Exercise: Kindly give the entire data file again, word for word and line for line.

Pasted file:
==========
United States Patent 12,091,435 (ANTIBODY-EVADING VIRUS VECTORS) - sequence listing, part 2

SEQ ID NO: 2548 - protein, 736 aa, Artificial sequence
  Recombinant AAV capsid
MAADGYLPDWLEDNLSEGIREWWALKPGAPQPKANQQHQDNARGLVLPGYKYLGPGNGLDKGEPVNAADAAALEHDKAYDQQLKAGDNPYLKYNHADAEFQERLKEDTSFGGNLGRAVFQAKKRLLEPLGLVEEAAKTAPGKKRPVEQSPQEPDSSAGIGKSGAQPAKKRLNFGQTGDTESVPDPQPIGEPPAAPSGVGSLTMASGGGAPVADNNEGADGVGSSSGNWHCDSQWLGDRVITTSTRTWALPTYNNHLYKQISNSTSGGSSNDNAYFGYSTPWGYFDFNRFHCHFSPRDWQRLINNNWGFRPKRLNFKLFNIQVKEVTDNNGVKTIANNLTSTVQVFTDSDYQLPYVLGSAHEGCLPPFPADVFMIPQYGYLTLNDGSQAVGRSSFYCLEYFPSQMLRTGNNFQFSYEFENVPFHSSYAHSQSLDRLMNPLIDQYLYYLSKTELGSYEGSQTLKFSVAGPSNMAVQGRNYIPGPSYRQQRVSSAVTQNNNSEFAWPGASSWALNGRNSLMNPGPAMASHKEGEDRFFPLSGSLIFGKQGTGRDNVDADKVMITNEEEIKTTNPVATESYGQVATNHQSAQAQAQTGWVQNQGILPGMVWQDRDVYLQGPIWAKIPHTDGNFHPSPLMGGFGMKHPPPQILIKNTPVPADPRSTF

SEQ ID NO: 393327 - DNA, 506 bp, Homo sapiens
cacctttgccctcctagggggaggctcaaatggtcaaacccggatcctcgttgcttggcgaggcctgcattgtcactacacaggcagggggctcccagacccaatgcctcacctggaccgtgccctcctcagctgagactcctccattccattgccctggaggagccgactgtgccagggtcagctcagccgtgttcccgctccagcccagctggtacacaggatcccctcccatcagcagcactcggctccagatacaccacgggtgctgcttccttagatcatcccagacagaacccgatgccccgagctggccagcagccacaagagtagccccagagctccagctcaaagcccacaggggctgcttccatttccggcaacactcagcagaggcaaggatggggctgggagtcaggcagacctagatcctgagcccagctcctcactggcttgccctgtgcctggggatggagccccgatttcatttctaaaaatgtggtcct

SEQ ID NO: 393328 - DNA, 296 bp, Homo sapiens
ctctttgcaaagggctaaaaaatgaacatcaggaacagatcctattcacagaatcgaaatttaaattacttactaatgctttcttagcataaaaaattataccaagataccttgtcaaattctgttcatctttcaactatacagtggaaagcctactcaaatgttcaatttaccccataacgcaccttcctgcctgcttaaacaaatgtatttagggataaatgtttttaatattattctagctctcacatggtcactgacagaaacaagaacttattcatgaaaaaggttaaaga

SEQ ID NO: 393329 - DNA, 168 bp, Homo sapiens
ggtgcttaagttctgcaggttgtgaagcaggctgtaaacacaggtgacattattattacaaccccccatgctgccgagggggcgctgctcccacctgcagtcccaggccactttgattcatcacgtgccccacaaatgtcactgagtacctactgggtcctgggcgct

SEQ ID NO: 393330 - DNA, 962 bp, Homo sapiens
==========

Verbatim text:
United States Patent 12,091,435 (ANTIBODY-EVADING VIRUS VECTORS) - sequence listing, part 2

SEQ ID NO: 2548 - protein, 736 aa, Artificial sequence
  Recombinant AAV capsid
MAADGYLPDWLEDNLSEGIREWWALKPGAPQPKANQQHQDNARGLVLPGYKYLGPGNGLDKGEPVNAADAAALEHDKAYDQQLKAGDNPYLKYNHADAEFQERLKEDTSFGGNLGRAVFQAKKRLLEPLGLVEEAAKTAPGKKRPVEQSPQEPDSSAGIGKSGAQPAKKRLNFGQTGDTESVPDPQPIGEPPAAPSGVGSLTMASGGGAPVADNNEGADGVGSSSGNWHCDSQWLGDRVITTSTRTWALPTYNNHLYKQISNSTSGGSSNDNAYFGYSTPWGYFDFNRFHCHFSPRDWQRLINNNWGFRPKRLNFKLFNIQVKEVTDNNGVKTIANNLTSTVQVFTDSDYQLPYVLGSAHEGCLPPFPADVFMIPQYGYLTLNDGSQAVGRSSFYCLEYFPSQMLRTGNNFQFSYEFENVPFHSSYAHSQSLDRLMNPLIDQYLYYLSKTELGSYEGSQTLKFSVAGPSNMAVQGRNYIPGPSYRQQRVSSAVTQNNNSEFAWPGASSWALNGRNSLMNPGPAMASHKEGEDRFFPLSGSLIFGKQGTGRDNVDADKVMITNEEEIKTTNPVATESYGQVATNHQSAQAQAQTGWVQNQGILPGMVWQDRDVYLQGPIWAKIPHTDGNFHPSPLMGGFGMKHPPPQILIKNTPVPADPRSTF

SEQ ID NO: 393327 - DNA, 506 bp, Homo sapiens
cacctttgccctcctagggggaggctcaaatggtcaaacccggatcctcgttgcttggcgaggcctgcattgtcactacacaggcagggggctcccagacccaatgcctcacctggaccgtgccctcctcagctgagactcctccattccattgccctggaggagccgactgtgccagggtcagctcagccgtgttcccgctccagcccagctggtacacaggatcccctcccatcagcagcactcggctccagatacaccacgggtgctgcttccttagatcatcccagacagaacccgatgccccgagctggccagcagccacaagagtagccccagagctccagctcaaagcccacaggggctgcttccatttccggcaacactcagcagaggcaaggatggggctgggagtcaggcagacctagatcctgagcccagctcctcactggcttgccctgtgcctggggatggagccccgatttcatttctaaaaatgtggtcct

SEQ ID NO: 393328 - DNA, 296 bp, Homo sapiens
ctctttgcaaagggctaaaaaatgaacatcaggaacagatcctattcacagaatcgaaatttaaattacttactaatgctttcttagcataaaaaattataccaagataccttgtcaaattctgttcatctttcaactatacagtggaaagcctactcaaatgttcaatttaccccataacgcaccttcctgcctgcttaaacaaatgtatttagggataaatgtttttaatattattctagctctcacatggtcactgacagaaacaagaacttattcatgaaaaaggttaaaga

SEQ ID NO: 393329 - DNA, 168 bp, Homo sapiens
ggtgcttaagttctgcaggttgtgaagcaggctgtaaacacaggtgacattattattacaaccccccatgctgccgagggggcgctgctcccacctgcagtcccaggccactttgattcatcacgtgccccacaaatgtcactgagtacctactgggtcctgggcgct

SEQ ID NO: 393330 - DNA, 962 bp, Homo sapiens